I love Diamond’s approach to history: look for patterns, and apply the scientific method as much as possible, achieved here to its fullest degree with linguistics and archeological findings, and a robust side dish of evolutionary biology.
That said, I’m so biased in favor of this approach, because it’s exactly the one I like. I happen to hold a degree in biology, with a minor in Classical Civilizations and a second almost-minor in Political Science (it would have been a full minor if my school allowed classes to be counted twice for minors).
This rating is for the digital edition, although I don’t think it’d be any different for the print, much as I love glossy pages in my hands. ComiXology is decent at formatting, and I read this on my computer so I had the option of full spreads, single pages, and Guided View. The HTML5 reader is decent, if you haven’t tried it yet. Continue reading →
It’s hard for me to tell how much is filling in the blanks and how much is lifted directly from sources without having access to them, but the footnotes suggest that Castor exhausted what was available, and given her area of expertise, I’m inclined to trust her ability to comprehensively read extant sources. It would be nice to have more archeological evidence included as a counterpoint, but she worked well with what she had, as far as I can tell. (I minored in Classics, wrong era and location!) Continue reading →
In this volume, the snappier pacing I’d gotten used to, and the advancement of the main plot, take some serious brakes. The ending of the previous volume sets things up for major action times, and instead of having all of that explode here, we get more buildup. (For those of you who’ve read the Wheel of Time series, Book 9.) Continue reading →
… because the color thing is a load of surface level excuses that let people look tolerant without having to educate themselves from either side.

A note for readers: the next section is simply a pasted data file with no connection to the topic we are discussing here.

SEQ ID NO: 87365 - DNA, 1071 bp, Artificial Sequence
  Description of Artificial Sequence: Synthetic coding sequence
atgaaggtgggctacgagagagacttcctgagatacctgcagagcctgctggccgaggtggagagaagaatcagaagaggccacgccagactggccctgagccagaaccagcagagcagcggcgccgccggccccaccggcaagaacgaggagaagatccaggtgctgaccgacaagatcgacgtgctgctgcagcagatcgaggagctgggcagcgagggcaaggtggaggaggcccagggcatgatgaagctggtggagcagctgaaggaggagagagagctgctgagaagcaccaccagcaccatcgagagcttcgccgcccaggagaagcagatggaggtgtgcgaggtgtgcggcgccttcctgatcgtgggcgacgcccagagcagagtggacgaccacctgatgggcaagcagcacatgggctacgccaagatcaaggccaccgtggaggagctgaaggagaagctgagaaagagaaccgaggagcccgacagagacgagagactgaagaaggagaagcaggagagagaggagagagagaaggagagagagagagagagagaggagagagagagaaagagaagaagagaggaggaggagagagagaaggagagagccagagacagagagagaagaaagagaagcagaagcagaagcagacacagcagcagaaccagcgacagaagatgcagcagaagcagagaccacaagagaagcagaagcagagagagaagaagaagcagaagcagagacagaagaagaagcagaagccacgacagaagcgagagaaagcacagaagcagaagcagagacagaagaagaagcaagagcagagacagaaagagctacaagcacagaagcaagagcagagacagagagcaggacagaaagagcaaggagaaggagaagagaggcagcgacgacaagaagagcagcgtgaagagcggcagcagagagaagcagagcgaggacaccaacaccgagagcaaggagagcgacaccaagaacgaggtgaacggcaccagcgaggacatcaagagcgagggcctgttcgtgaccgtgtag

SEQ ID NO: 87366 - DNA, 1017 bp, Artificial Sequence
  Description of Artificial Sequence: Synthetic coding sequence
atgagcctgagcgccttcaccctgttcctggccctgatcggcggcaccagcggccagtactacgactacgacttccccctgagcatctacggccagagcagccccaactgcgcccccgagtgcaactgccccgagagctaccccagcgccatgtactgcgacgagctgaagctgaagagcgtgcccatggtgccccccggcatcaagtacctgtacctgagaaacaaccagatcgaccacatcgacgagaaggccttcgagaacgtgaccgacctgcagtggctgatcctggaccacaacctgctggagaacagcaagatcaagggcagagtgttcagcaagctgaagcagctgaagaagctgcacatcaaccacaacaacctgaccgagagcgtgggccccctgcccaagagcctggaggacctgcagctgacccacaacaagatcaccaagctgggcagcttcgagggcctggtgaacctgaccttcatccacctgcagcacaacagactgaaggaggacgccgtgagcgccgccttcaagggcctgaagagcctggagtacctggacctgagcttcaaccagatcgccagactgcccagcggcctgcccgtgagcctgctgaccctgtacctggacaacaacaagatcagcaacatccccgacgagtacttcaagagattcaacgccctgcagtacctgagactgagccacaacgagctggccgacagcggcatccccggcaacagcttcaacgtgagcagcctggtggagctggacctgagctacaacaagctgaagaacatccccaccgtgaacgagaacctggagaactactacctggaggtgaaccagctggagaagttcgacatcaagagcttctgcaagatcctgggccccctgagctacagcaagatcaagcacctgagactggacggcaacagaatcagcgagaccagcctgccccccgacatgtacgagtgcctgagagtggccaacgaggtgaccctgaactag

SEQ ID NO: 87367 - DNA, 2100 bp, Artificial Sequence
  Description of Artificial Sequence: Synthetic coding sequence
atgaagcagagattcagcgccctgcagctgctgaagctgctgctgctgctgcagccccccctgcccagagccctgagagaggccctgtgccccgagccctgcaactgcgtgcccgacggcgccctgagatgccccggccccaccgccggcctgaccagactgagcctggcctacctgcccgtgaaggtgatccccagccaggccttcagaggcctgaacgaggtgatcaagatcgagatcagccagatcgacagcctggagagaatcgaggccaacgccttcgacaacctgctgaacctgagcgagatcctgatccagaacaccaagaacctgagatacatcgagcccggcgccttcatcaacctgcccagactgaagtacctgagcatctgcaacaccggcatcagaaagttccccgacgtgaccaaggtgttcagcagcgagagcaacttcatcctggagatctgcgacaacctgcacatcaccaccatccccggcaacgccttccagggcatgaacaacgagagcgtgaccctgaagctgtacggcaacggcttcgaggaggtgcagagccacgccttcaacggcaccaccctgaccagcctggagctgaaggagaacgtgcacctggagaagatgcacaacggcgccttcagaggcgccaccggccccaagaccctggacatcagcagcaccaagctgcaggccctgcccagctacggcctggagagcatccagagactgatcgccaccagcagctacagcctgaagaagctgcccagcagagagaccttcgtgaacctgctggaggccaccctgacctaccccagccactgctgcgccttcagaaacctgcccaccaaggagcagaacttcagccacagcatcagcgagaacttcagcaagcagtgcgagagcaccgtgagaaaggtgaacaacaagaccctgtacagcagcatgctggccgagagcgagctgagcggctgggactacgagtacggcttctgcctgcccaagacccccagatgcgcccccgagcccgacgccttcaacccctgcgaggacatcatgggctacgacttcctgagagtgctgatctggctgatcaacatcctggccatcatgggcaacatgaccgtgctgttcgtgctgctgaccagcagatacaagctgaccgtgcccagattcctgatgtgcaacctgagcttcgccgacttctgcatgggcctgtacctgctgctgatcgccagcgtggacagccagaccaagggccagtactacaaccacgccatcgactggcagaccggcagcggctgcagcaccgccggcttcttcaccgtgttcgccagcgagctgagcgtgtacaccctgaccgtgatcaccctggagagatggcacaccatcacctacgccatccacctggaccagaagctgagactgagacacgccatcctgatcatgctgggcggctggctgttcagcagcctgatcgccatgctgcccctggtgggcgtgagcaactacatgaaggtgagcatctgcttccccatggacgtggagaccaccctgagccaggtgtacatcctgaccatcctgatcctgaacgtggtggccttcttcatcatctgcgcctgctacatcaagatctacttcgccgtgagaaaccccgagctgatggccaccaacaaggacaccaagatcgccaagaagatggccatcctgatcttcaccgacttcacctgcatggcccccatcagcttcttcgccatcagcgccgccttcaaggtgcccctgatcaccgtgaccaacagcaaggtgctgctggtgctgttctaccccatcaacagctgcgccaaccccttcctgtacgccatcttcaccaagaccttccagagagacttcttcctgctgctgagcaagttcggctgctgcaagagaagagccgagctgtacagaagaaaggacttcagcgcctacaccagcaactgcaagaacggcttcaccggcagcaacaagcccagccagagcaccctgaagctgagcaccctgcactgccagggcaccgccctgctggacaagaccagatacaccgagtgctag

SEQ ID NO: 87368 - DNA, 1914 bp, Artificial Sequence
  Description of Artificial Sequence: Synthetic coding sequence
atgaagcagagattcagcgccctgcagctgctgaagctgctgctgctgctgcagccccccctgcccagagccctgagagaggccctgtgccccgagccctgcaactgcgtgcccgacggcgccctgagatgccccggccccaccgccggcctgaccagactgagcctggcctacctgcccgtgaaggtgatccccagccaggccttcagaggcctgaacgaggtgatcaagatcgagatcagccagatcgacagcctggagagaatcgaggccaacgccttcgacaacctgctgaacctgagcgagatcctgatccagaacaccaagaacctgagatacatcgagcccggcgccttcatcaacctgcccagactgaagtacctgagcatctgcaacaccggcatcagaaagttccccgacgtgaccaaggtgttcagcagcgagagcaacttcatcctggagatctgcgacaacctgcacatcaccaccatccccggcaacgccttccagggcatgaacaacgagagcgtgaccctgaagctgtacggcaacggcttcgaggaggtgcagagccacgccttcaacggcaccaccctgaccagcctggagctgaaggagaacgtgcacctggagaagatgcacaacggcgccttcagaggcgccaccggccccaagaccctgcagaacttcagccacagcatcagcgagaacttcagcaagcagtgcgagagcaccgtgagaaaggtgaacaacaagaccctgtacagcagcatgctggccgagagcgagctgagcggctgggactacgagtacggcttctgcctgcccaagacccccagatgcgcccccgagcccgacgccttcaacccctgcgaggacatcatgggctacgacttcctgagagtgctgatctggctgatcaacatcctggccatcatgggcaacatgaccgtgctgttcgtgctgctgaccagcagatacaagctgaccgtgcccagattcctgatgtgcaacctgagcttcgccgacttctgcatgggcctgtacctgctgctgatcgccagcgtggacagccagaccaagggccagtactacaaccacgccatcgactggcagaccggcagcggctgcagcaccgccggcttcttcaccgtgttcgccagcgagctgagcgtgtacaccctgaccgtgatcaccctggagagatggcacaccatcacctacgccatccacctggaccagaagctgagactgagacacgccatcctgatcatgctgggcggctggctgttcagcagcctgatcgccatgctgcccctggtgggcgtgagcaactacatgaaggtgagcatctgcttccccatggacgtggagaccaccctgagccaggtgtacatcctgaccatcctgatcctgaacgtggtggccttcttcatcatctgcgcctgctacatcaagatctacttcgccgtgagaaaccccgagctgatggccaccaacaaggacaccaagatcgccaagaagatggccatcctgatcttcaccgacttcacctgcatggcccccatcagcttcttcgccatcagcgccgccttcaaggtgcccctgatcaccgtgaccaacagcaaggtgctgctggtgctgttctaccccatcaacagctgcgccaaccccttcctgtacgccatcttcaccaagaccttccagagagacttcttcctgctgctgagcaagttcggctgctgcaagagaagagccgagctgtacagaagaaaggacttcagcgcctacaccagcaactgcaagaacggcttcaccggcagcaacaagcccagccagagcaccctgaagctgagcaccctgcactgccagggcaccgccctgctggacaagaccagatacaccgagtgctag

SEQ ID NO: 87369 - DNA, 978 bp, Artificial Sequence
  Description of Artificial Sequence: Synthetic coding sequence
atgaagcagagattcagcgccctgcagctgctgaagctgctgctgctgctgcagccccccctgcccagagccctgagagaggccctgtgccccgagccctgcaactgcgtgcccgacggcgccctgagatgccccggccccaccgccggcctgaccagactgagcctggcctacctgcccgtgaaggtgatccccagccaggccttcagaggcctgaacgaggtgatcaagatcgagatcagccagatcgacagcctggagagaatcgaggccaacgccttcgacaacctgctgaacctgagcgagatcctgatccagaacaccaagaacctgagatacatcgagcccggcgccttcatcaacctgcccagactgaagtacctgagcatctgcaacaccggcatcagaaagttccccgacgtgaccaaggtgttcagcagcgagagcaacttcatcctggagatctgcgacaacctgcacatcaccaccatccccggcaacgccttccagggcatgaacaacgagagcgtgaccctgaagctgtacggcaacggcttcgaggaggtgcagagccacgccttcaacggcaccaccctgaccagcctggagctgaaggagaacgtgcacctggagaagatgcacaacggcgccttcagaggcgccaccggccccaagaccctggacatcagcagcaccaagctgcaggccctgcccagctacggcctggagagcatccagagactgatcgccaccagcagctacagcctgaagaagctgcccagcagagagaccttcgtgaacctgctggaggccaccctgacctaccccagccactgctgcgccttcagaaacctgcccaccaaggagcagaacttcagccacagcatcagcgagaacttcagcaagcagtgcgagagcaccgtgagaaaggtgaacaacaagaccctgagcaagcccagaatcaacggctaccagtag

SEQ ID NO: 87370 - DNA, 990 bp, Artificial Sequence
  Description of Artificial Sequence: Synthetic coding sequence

okay so this is cool: the teacher who owns this dog is using the meme to promote that he’s a puppy mill rescue. So there: adopt a rescue!
My next story is going to feature a protagonist named Lakeesha. Lakeesha grew up in an upper middle class suburb, her parents are lawyers. She played softball through middle school, switched to volleyball in high school, got a 30 on the ACT, and is now studying business in Michigan.
Right as Tony Chu’s insistence on following the law in every situation ever starts to grate on the nerves of this whole series, we get a nice breather with what has to be the most ridiculous volume in a series that is, let’s face it, fairly ridiculous. Continue reading →
You’ve got to take the time to peruse all the art in this series. Every little section with filler words has something pretty entertaining going on. In general, even when things get so serious that we’d be angling for a major superhero death (cough Batman cough cough) or Spiderman-grade angst, ‘Chew’ never gives up the snark. Continue reading →
The relatively sedate action in this volume is more than made up for with the last chapter: finding out where it all went wrong, also known as meeting Tony’s family. Who are about eighteen times more insane than I would ever expect. Lesson, set no expectations for this series. They know what you’re thinking, and they can do you one better. Continue reading →
The best thing about this book, for me, was that Valente spends a lot of time not talking down at her readers. There’s a notable amount of snark in here, and it’s nice. I know that I would’ve appreciated it as the terrible sarcastic child I was. Continue reading →